example, a CFO will be presented with enterprise level and enterprise wide strategic and
relevant TCD metrics measured in dollars, while a line manager will be presented with
variations of the TCD metrics restricted to information about their line(s) and shift(s)
workforce time and production.
TPM presentation should start with a one-page role-based dashboard which acts as a
jumping-off point where users will analyze their meaningful-level aggregated TPM
metrics and KPIs and then dive into a metric or KPI for deeper analysis. Pre-built, TPM
metric-centric or KPI-centric parameterized reports, ad hoc analytical areas, or
multidimensional (pivot table) reports will provide access to the deeper analysis.
A library of pre-built reports categorized by your organization’s TPM subject areas, for
example TCD by product, or absenteeism affect on TCD, should also be utilized as an
easy–access environment of common and repetitive information. The contents of this
environment can be restricted by role to ensure people in your organization only see what
is relevant and needed for their job.
Presentation is a very important and somewhat difficult part of the TPM process because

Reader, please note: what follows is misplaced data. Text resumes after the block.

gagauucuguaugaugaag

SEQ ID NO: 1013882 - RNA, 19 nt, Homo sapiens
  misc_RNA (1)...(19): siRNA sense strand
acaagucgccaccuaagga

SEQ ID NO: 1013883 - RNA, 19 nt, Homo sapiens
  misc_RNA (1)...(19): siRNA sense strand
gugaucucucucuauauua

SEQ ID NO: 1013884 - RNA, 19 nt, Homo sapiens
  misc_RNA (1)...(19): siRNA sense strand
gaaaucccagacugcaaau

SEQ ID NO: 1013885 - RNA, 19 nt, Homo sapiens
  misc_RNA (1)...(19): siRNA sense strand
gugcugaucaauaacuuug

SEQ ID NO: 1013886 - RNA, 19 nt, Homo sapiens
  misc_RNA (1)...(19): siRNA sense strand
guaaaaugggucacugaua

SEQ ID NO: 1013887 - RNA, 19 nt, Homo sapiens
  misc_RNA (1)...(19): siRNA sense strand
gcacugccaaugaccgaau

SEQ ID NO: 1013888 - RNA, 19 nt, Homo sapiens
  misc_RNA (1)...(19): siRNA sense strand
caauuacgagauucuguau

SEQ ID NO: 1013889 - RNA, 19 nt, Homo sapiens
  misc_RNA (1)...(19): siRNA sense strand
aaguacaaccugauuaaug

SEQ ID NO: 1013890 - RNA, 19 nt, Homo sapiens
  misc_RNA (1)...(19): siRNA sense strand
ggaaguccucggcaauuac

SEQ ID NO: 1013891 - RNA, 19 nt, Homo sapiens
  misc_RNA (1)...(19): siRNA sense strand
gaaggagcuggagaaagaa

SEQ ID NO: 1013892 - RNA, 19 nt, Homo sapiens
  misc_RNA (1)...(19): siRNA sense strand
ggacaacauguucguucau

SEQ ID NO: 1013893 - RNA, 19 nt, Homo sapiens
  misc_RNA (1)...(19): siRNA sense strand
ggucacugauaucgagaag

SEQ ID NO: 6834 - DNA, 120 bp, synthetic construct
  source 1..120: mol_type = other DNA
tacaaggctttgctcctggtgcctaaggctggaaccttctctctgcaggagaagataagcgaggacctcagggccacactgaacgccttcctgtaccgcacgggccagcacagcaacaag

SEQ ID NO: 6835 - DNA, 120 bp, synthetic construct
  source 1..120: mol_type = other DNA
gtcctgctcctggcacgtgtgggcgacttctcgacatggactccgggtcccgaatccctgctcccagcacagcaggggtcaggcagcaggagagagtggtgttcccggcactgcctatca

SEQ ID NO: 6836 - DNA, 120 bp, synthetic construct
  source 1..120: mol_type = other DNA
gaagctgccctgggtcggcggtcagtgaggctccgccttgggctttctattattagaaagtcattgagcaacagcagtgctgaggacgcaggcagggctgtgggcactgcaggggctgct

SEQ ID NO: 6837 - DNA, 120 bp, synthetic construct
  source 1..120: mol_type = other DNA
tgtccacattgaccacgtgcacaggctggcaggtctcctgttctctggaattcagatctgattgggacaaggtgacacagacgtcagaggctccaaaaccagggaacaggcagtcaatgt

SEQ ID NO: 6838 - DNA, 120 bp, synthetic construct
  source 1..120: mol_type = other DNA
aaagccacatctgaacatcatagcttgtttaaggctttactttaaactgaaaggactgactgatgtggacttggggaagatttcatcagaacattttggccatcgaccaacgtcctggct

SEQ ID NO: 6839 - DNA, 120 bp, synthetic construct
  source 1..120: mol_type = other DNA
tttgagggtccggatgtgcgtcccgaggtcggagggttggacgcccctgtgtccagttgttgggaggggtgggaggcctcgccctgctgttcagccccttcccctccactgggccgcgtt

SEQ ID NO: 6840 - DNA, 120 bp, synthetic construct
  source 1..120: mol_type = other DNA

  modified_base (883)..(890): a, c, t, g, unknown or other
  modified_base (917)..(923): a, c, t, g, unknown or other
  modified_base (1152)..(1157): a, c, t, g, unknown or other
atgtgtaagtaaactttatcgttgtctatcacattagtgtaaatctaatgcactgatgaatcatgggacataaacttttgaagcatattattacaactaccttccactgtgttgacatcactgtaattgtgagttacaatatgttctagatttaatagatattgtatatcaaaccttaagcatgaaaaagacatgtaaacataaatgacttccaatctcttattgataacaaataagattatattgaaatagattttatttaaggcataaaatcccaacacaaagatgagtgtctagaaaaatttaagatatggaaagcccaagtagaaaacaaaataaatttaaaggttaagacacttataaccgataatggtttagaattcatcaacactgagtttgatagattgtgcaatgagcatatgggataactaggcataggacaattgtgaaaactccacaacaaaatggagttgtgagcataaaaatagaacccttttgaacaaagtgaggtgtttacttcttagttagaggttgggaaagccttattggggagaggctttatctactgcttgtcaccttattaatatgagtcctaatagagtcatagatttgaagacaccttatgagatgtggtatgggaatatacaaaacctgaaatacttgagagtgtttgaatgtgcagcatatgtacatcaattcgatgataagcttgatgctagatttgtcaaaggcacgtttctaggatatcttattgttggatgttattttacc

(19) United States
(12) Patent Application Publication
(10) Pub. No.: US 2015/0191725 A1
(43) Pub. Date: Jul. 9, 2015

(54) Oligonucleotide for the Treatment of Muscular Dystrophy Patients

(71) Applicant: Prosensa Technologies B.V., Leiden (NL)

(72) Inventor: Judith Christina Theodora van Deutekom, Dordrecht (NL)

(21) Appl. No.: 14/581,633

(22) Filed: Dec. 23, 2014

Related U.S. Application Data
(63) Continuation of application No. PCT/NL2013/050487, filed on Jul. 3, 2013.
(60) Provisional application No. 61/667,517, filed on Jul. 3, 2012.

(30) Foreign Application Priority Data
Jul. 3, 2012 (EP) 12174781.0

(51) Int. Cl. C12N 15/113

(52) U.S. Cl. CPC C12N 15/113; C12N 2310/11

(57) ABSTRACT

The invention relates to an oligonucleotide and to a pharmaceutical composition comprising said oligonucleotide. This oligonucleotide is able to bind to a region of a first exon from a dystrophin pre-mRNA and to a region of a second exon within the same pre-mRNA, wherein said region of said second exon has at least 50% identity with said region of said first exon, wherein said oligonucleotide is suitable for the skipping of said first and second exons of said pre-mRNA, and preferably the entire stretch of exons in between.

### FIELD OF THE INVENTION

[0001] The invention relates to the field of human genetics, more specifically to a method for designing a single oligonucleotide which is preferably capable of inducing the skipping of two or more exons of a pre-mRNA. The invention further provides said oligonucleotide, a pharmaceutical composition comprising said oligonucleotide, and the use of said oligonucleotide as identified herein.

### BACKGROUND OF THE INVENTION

none of the other steps matter if your organization does have clear, meaningful, and
secure access to the information. Your organization will gain more value from TPM by
keeping the presentation area as simple and easy to understand as possible. If you
organization has not been successful with providing restricted and role-based access to
information, consider getting outside help to ensure this step is done correctly.
Can your organization answer the question: “where does the time go?” Most
organization can’t. But, if they can, the answer takes so long to find or is not at a
meaningful organizational level that it is not useful to manage production costs. Utilizing
the Time Performance Management process of automated collection and aggregation of
actual time data with actual production data to derive the “time cost to deliver” set of
metrics, provides organizations with a powerful tool that provides vision into the
organization’s production costs. And, because you can’t manage what you can’t see,
companies will finally be able to say:
“I know where my time goes and I can do something about it!”
About the Author
Jonathan Lacefield is an Analytical Consultant Level V with Kronos Inc, Experts at
Improving the Performance of Business and PeopleTM. Jonathan has more than seven
years experience leading, designing, and delivering analytical initiatives for healthcare,
telecommunications, retail and manufacturing industries. Kronos is the industry leader
for workforce management. He can be reached at Jlacefield@Kronos.com.